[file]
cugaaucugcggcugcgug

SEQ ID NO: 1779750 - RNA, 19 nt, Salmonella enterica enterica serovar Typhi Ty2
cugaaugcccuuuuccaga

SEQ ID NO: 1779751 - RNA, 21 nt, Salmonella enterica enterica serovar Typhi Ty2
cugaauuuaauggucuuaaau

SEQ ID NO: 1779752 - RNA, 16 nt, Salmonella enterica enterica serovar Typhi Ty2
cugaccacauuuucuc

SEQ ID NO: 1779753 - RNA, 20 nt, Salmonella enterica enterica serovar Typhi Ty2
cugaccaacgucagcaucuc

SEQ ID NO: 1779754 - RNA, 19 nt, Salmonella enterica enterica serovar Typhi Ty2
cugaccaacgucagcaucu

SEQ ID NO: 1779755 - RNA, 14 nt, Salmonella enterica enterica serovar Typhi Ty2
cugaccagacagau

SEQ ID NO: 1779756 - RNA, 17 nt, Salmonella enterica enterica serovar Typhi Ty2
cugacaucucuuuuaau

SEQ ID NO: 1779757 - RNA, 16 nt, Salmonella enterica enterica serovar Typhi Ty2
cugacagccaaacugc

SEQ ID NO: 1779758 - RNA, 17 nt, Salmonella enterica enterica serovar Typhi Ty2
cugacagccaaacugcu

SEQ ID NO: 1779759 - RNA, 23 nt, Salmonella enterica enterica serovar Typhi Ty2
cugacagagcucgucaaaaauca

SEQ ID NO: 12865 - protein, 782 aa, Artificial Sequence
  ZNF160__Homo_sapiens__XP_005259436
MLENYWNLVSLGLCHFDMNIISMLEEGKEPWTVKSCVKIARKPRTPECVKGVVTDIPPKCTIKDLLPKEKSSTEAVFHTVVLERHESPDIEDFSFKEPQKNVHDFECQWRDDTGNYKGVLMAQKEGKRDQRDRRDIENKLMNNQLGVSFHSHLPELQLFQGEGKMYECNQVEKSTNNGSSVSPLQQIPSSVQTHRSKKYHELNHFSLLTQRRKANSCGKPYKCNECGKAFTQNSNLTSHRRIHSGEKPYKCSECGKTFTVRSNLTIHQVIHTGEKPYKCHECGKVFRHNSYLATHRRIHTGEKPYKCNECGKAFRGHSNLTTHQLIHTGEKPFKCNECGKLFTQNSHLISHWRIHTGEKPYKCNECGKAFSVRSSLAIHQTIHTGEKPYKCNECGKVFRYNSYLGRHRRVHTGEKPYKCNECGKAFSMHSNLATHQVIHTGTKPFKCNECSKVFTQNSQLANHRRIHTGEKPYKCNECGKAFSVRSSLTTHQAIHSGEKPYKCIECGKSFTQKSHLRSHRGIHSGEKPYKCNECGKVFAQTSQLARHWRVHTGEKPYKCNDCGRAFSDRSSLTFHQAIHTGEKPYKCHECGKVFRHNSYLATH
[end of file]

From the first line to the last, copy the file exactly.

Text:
cugaaucugcggcugcgug

SEQ ID NO: 1779750 - RNA, 19 nt, Salmonella enterica enterica serovar Typhi Ty2
cugaaugcccuuuuccaga

SEQ ID NO: 1779751 - RNA, 21 nt, Salmonella enterica enterica serovar Typhi Ty2
cugaauuuaauggucuuaaau

SEQ ID NO: 1779752 - RNA, 16 nt, Salmonella enterica enterica serovar Typhi Ty2
cugaccacauuuucuc

SEQ ID NO: 1779753 - RNA, 20 nt, Salmonella enterica enterica serovar Typhi Ty2
cugaccaacgucagcaucuc

SEQ ID NO: 1779754 - RNA, 19 nt, Salmonella enterica enterica serovar Typhi Ty2
cugaccaacgucagcaucu

SEQ ID NO: 1779755 - RNA, 14 nt, Salmonella enterica enterica serovar Typhi Ty2
cugaccagacagau

SEQ ID NO: 1779756 - RNA, 17 nt, Salmonella enterica enterica serovar Typhi Ty2
cugacaucucuuuuaau

SEQ ID NO: 1779757 - RNA, 16 nt, Salmonella enterica enterica serovar Typhi Ty2
cugacagccaaacugc

SEQ ID NO: 1779758 - RNA, 17 nt, Salmonella enterica enterica serovar Typhi Ty2
cugacagccaaacugcu

SEQ ID NO: 1779759 - RNA, 23 nt, Salmonella enterica enterica serovar Typhi Ty2
cugacagagcucgucaaaaauca

SEQ ID NO: 12865 - protein, 782 aa, Artificial Sequence
  ZNF160__Homo_sapiens__XP_005259436
MLENYWNLVSLGLCHFDMNIISMLEEGKEPWTVKSCVKIARKPRTPECVKGVVTDIPPKCTIKDLLPKEKSSTEAVFHTVVLERHESPDIEDFSFKEPQKNVHDFECQWRDDTGNYKGVLMAQKEGKRDQRDRRDIENKLMNNQLGVSFHSHLPELQLFQGEGKMYECNQVEKSTNNGSSVSPLQQIPSSVQTHRSKKYHELNHFSLLTQRRKANSCGKPYKCNECGKAFTQNSNLTSHRRIHSGEKPYKCSECGKTFTVRSNLTIHQVIHTGEKPYKCHECGKVFRHNSYLATHRRIHTGEKPYKCNECGKAFRGHSNLTTHQLIHTGEKPFKCNECGKLFTQNSHLISHWRIHTGEKPYKCNECGKAFSVRSSLAIHQTIHTGEKPYKCNECGKVFRYNSYLGRHRRVHTGEKPYKCNECGKAFSMHSNLATHQVIHTGTKPFKCNECSKVFTQNSQLANHRRIHTGEKPYKCNECGKAFSVRSSLTTHQAIHSGEKPYKCIECGKSFTQKSHLRSHRGIHSGEKPYKCNECGKVFAQTSQLARHWRVHTGEKPYKCNDCGRAFSDRSSLTFHQAIHTGEKPYKCHECGKVFRHNSYLATH